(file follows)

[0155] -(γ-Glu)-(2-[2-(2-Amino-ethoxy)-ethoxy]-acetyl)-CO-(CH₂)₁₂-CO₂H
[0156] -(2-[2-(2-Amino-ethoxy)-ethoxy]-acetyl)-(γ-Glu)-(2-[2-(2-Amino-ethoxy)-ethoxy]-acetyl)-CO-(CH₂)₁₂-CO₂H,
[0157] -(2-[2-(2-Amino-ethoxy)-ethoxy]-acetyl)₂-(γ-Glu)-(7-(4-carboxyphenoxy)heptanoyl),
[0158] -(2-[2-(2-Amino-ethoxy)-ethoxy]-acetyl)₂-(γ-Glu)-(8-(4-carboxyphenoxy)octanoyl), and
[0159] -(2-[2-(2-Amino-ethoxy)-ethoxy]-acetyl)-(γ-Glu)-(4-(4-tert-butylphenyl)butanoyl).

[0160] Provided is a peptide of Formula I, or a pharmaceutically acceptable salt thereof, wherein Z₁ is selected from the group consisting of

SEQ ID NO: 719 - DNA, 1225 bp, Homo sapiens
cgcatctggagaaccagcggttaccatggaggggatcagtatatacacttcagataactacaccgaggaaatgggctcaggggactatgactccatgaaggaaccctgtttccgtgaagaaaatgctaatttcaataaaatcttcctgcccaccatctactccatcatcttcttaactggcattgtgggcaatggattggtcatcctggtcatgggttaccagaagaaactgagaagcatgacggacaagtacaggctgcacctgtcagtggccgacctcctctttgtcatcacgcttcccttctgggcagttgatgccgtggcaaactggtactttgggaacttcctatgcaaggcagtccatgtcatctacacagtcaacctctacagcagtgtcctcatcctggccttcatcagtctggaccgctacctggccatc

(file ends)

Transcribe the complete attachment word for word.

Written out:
[0155] -(γ-Glu)-(2-[2-(2-Amino-ethoxy)-ethoxy]-acetyl)-CO-(CH₂)₁₂-CO₂H
[0156] -(2-[2-(2-Amino-ethoxy)-ethoxy]-acetyl)-(γ-Glu)-(2-[2-(2-Amino-ethoxy)-ethoxy]-acetyl)-CO-(CH₂)₁₂-CO₂H,
[0157] -(2-[2-(2-Amino-ethoxy)-ethoxy]-acetyl)₂-(γ-Glu)-(7-(4-carboxyphenoxy)heptanoyl),
[0158] -(2-[2-(2-Amino-ethoxy)-ethoxy]-acetyl)₂-(γ-Glu)-(8-(4-carboxyphenoxy)octanoyl), and
[0159] -(2-[2-(2-Amino-ethoxy)-ethoxy]-acetyl)-(γ-Glu)-(4-(4-tert-butylphenyl)butanoyl).

[0160] Provided is a peptide of Formula I, or a pharmaceutically acceptable salt thereof, wherein Z₁ is selected from the group consisting of

SEQ ID NO: 719 - DNA, 1225 bp, Homo sapiens
cgcatctggagaaccagcggttaccatggaggggatcagtatatacacttcagataactacaccgaggaaatgggctcaggggactatgactccatgaaggaaccctgtttccgtgaagaaaatgctaatttcaataaaatcttcctgcccaccatctactccatcatcttcttaactggcattgtgggcaatggattggtcatcctggtcatgggttaccagaagaaactgagaagcatgacggacaagtacaggctgcacctgtcagtggccgacctcctctttgtcatcacgcttcccttctgggcagttgatgccgtggcaaactggtactttgggaacttcctatgcaaggcagtccatgtcatctacacagtcaacctctacagcagtgtcctcatcctggccttcatcagtctggaccgctacctggccatc